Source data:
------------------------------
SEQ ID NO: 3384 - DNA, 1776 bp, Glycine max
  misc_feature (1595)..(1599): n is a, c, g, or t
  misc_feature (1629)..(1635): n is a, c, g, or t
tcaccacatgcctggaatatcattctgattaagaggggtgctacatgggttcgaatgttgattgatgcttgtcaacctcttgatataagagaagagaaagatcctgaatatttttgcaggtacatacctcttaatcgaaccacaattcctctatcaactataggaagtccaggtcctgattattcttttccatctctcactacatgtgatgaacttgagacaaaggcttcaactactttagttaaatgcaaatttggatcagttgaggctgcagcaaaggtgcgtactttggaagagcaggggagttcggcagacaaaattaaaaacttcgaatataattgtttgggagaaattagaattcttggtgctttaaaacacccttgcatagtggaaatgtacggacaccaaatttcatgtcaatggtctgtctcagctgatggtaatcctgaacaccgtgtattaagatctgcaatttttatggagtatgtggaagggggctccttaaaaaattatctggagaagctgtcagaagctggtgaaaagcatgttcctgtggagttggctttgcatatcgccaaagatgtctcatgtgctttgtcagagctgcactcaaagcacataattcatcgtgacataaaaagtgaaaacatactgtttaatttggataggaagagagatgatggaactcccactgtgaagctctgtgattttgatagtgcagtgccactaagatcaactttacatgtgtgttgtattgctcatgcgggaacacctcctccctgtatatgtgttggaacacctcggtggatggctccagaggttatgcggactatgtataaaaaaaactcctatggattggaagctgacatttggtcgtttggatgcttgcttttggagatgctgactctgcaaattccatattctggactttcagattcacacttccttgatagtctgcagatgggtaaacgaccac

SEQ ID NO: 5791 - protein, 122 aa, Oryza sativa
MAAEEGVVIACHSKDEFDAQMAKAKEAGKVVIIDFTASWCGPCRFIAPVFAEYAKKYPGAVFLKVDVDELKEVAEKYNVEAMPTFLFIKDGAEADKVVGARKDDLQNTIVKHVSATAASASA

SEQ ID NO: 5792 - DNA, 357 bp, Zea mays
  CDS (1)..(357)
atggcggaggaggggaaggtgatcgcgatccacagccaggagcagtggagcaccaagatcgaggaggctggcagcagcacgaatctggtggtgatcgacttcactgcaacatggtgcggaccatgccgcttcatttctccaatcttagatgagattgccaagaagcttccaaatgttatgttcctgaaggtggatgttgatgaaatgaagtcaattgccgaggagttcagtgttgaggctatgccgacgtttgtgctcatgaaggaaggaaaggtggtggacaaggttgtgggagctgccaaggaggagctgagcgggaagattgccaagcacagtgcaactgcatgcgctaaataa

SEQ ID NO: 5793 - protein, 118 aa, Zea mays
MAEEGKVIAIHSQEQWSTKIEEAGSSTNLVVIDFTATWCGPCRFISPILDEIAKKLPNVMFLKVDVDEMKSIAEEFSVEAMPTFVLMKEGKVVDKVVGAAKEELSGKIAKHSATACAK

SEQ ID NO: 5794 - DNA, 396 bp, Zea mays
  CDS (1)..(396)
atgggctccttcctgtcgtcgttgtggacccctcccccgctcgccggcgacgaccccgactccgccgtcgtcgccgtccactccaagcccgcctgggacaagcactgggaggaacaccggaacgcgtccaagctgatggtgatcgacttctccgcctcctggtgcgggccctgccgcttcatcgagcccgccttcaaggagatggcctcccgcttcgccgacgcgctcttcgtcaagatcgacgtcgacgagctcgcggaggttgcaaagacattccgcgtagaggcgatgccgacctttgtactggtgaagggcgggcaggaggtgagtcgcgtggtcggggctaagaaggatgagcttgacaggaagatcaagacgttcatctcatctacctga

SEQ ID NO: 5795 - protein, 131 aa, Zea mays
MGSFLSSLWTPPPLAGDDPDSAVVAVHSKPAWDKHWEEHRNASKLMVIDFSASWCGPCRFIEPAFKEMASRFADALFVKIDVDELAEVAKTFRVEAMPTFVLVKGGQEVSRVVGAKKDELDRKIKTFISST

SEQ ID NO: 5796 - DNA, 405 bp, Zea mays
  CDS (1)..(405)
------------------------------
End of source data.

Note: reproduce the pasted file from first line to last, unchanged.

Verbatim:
SEQ ID NO: 3384 - DNA, 1776 bp, Glycine max
  misc_feature (1595)..(1599): n is a, c, g, or t
  misc_feature (1629)..(1635): n is a, c, g, or t
tcaccacatgcctggaatatcattctgattaagaggggtgctacatgggttcgaatgttgattgatgcttgtcaacctcttgatataagagaagagaaagatcctgaatatttttgcaggtacatacctcttaatcgaaccacaattcctctatcaactataggaagtccaggtcctgattattcttttccatctctcactacatgtgatgaacttgagacaaaggcttcaactactttagttaaatgcaaatttggatcagttgaggctgcagcaaaggtgcgtactttggaagagcaggggagttcggcagacaaaattaaaaacttcgaatataattgtttgggagaaattagaattcttggtgctttaaaacacccttgcatagtggaaatgtacggacaccaaatttcatgtcaatggtctgtctcagctgatggtaatcctgaacaccgtgtattaagatctgcaatttttatggagtatgtggaagggggctccttaaaaaattatctggagaagctgtcagaagctggtgaaaagcatgttcctgtggagttggctttgcatatcgccaaagatgtctcatgtgctttgtcagagctgcactcaaagcacataattcatcgtgacataaaaagtgaaaacatactgtttaatttggataggaagagagatgatggaactcccactgtgaagctctgtgattttgatagtgcagtgccactaagatcaactttacatgtgtgttgtattgctcatgcgggaacacctcctccctgtatatgtgttggaacacctcggtggatggctccagaggttatgcggactatgtataaaaaaaactcctatggattggaagctgacatttggtcgtttggatgcttgcttttggagatgctgactctgcaaattccatattctggactttcagattcacacttccttgatagtctgcagatgggtaaacgaccac

SEQ ID NO: 5791 - protein, 122 aa, Oryza sativa
MAAEEGVVIACHSKDEFDAQMAKAKEAGKVVIIDFTASWCGPCRFIAPVFAEYAKKYPGAVFLKVDVDELKEVAEKYNVEAMPTFLFIKDGAEADKVVGARKDDLQNTIVKHVSATAASASA

SEQ ID NO: 5792 - DNA, 357 bp, Zea mays
  CDS (1)..(357)
atggcggaggaggggaaggtgatcgcgatccacagccaggagcagtggagcaccaagatcgaggaggctggcagcagcacgaatctggtggtgatcgacttcactgcaacatggtgcggaccatgccgcttcatttctccaatcttagatgagattgccaagaagcttccaaatgttatgttcctgaaggtggatgttgatgaaatgaagtcaattgccgaggagttcagtgttgaggctatgccgacgtttgtgctcatgaaggaaggaaaggtggtggacaaggttgtgggagctgccaaggaggagctgagcgggaagattgccaagcacagtgcaactgcatgcgctaaataa

SEQ ID NO: 5793 - protein, 118 aa, Zea mays
MAEEGKVIAIHSQEQWSTKIEEAGSSTNLVVIDFTATWCGPCRFISPILDEIAKKLPNVMFLKVDVDEMKSIAEEFSVEAMPTFVLMKEGKVVDKVVGAAKEELSGKIAKHSATACAK

SEQ ID NO: 5794 - DNA, 396 bp, Zea mays
  CDS (1)..(396)
atgggctccttcctgtcgtcgttgtggacccctcccccgctcgccggcgacgaccccgactccgccgtcgtcgccgtccactccaagcccgcctgggacaagcactgggaggaacaccggaacgcgtccaagctgatggtgatcgacttctccgcctcctggtgcgggccctgccgcttcatcgagcccgccttcaaggagatggcctcccgcttcgccgacgcgctcttcgtcaagatcgacgtcgacgagctcgcggaggttgcaaagacattccgcgtagaggcgatgccgacctttgtactggtgaagggcgggcaggaggtgagtcgcgtggtcggggctaagaaggatgagcttgacaggaagatcaagacgttcatctcatctacctga

SEQ ID NO: 5795 - protein, 131 aa, Zea mays
MGSFLSSLWTPPPLAGDDPDSAVVAVHSKPAWDKHWEEHRNASKLMVIDFSASWCGPCRFIEPAFKEMASRFADALFVKIDVDELAEVAKTFRVEAMPTFVLVKGGQEVSRVVGAKKDELDRKIKTFISST

SEQ ID NO: 5796 - DNA, 405 bp, Zea mays
  CDS (1)..(405)